Wales, Costa Rica and Australia became the final three teams to book their Qatar berths earlier this month, setting the stage for the greatest competition in the sport. Here is how the teams are shaping up with less than five months to go until kick off:
It is perhaps fair to note that at the moment making a clear assessment of where the two South American rivals stand against their European counterparts is not easy. But the signs we have suggest that Brazil and Argentina merit a spot at the very top of our rankings. It is an open debate whether the Finalissima should count for much, but crushing Italy to win more silverware is never a bad sign for any team; Argentina look robust in defense, and in Lautaro Martinez seem to have a striker who grows in stature alongside Lionel Messi.
Of course, Argentina were not the only ones to mete out a heavy beating on the European champions, who would be surging toward the middle of these rankings if they had managed to qualify. Germany wrapped up a largely impressive quartet of Nations League games in outstanding fashion with a 5-2 thumping of Italy in Monchengladbach.
Hansi Flick may be hunting for a true line leader at center forward, but the ingenuity behind them makes this look like the coming force for Qatar, particularly if Florian Wirtz can play himself into contention this summer. Making way for Germany in fourth are England. England are simply incapable of dictating the course of games and have not been able to exploit their talented collection of forwards and playmakers to their fullest. But the unity that drove England forward over the last two tournaments looks in danger of slipping away before they reach Qatar.
1. Brazil (–)
2. Argentina (+2)
3. France (-1)
4. Germany (+4)
5. England (-2)
6. Spain (+1)
Since Diego Rossi succeeded long-serving head coach Oscar Tabarez in December, Uruguay’s seven-game record is as followed: Won six, lost none, scored 16, conceded one. Having barged their way into the final World Cup spot for South America, the two-time champions are shaping up to be dark horses once more. Edinson Cavani rolled back the years in the June international break; with Darwin Núñez bound for Liverpool, he and Luis Suarez cannot rest assured of their place. There is similar depth in defense where Barcelona’s Ronald Araujo supplements Jose Maria Gimenez and Diego Godin.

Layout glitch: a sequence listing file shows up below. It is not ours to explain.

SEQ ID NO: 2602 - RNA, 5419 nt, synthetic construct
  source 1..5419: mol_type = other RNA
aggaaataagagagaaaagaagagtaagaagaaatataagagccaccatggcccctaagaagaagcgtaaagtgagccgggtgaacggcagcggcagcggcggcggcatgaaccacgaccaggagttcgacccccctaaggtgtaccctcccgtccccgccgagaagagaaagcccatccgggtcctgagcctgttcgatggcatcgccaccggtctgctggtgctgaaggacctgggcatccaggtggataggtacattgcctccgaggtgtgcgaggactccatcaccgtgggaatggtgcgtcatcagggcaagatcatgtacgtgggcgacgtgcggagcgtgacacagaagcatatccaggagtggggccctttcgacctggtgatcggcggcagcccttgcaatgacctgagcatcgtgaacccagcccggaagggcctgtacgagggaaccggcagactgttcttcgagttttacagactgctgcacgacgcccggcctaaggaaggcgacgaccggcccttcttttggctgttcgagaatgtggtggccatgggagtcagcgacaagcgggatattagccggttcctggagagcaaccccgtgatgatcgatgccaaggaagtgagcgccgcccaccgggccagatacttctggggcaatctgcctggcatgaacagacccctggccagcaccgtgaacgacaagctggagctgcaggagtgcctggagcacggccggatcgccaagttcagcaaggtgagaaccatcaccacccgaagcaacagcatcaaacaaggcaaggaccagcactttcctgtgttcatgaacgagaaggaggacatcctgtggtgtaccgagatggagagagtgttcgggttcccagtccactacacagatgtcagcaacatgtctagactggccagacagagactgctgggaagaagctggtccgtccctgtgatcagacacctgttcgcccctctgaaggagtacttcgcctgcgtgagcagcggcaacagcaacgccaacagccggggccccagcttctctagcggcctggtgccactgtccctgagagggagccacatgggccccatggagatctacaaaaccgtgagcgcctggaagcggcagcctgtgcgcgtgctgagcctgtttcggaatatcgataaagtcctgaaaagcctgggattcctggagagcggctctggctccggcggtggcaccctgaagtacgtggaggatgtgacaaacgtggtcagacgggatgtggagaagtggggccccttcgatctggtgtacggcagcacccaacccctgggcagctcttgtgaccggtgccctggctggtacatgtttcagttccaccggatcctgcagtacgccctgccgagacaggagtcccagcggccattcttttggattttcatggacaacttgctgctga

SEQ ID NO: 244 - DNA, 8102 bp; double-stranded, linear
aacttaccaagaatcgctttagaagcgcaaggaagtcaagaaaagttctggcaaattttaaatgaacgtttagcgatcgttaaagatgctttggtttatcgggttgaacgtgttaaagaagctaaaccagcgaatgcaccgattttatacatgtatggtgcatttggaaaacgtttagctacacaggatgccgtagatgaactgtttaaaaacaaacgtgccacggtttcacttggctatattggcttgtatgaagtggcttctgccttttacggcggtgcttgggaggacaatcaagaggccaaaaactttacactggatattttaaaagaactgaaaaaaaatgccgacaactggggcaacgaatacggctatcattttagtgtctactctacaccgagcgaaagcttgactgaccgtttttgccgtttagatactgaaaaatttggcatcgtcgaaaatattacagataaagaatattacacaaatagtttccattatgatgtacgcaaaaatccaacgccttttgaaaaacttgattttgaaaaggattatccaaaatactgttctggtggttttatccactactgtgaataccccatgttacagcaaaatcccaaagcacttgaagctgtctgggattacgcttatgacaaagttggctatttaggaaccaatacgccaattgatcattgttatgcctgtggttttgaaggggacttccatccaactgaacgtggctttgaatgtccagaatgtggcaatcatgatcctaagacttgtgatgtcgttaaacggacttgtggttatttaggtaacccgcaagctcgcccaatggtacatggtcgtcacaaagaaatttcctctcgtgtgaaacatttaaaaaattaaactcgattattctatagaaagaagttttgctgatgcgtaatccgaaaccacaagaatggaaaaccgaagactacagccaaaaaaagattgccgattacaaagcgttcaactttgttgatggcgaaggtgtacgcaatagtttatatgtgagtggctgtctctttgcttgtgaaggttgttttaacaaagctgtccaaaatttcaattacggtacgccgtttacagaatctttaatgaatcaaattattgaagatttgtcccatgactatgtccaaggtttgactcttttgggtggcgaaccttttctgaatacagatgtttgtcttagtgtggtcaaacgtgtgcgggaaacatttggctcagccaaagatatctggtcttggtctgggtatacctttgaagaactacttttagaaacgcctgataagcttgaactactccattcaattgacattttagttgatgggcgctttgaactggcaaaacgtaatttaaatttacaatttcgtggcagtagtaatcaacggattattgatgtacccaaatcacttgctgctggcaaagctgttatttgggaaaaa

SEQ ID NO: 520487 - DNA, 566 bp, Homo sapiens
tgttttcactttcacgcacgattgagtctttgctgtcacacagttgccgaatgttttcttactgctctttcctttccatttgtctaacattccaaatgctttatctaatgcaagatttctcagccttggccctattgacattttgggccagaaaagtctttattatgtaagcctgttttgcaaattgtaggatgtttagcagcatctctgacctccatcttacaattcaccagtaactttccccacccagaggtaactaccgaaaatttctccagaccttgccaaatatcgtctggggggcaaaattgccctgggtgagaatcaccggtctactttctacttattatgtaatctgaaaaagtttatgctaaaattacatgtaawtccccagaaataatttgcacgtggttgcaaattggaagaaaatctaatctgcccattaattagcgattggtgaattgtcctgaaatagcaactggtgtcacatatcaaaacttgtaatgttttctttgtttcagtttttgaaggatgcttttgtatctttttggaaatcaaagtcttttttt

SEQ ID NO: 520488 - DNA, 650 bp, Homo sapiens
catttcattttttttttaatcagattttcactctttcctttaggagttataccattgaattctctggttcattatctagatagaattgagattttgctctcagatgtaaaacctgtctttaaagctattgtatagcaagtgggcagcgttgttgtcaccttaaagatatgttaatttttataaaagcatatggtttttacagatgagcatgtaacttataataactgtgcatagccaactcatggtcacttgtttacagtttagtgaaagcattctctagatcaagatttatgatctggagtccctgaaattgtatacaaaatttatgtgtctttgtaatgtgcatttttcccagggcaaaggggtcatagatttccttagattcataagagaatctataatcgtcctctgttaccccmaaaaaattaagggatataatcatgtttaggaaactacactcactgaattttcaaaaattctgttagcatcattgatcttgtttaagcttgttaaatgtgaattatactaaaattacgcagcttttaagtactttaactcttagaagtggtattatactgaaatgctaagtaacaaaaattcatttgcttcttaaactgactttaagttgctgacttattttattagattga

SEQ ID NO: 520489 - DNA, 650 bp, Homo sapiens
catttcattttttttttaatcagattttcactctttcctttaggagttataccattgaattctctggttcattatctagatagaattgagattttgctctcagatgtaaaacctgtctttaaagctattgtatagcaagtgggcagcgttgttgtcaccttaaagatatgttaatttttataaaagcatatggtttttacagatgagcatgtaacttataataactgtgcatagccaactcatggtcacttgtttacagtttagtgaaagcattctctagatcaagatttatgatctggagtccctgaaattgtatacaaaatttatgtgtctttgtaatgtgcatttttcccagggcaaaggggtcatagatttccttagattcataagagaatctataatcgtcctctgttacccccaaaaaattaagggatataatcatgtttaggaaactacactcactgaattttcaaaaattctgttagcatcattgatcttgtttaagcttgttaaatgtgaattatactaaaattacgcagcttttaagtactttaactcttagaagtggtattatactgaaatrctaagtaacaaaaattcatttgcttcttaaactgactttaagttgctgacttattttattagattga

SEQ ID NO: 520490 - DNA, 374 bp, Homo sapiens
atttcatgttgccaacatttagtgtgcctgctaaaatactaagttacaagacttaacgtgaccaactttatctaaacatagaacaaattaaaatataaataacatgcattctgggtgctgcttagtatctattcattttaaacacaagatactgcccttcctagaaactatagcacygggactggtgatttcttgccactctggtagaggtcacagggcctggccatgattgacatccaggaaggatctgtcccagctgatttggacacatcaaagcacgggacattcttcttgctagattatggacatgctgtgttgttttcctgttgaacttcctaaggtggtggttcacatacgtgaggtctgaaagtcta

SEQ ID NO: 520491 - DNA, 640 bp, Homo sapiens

Uruguay are not the only veterans getting the band back together for one last job. The issue for Belgium, heavily beaten at home to the Netherlands this month, might be how few of them will enter the World Cup at the peak of their powers. Perhaps only Kevin De Bruyne and Thibaut Courtois will be at that level in Qatar while uncertainty hangs over Eden Hazard, Romelu Lukaku and so many others. There is a good team for 2026 bubbling away Lois Openda scored in a heavy win over Poland while Youri Tielemans looks ready for a bigger role — but this might be the awkward in-between phase for the Belgians.
When the final whistle blew in the Luzhniki Stadium four years ago, the consensus view was that was the last gasp of this particular great Croatia team. Their historical form since independence was enough to suggest that they would be back but perhaps not for a while. Maybe they have not left yet. Defeat to Austria made for a rough start to their Nations League campaign, but they responded with impressive wins in Denmark and France to show they will be a force in Qatar.
As for the United States, the recent round of internationals may not have told Gregg Berhalter much he did not already know. A top-tier striker is not coming between now and December and though Jesus Ferreira did what he could to claim the job, four goals against Grenada is not that illustrative of what he could achieve in Qatar. Still, the right collection of defenders might just be able to keep it tight at one end, allowing Christian Pulisic, Brenden Aaronson and Tim Weah to pounce at the other.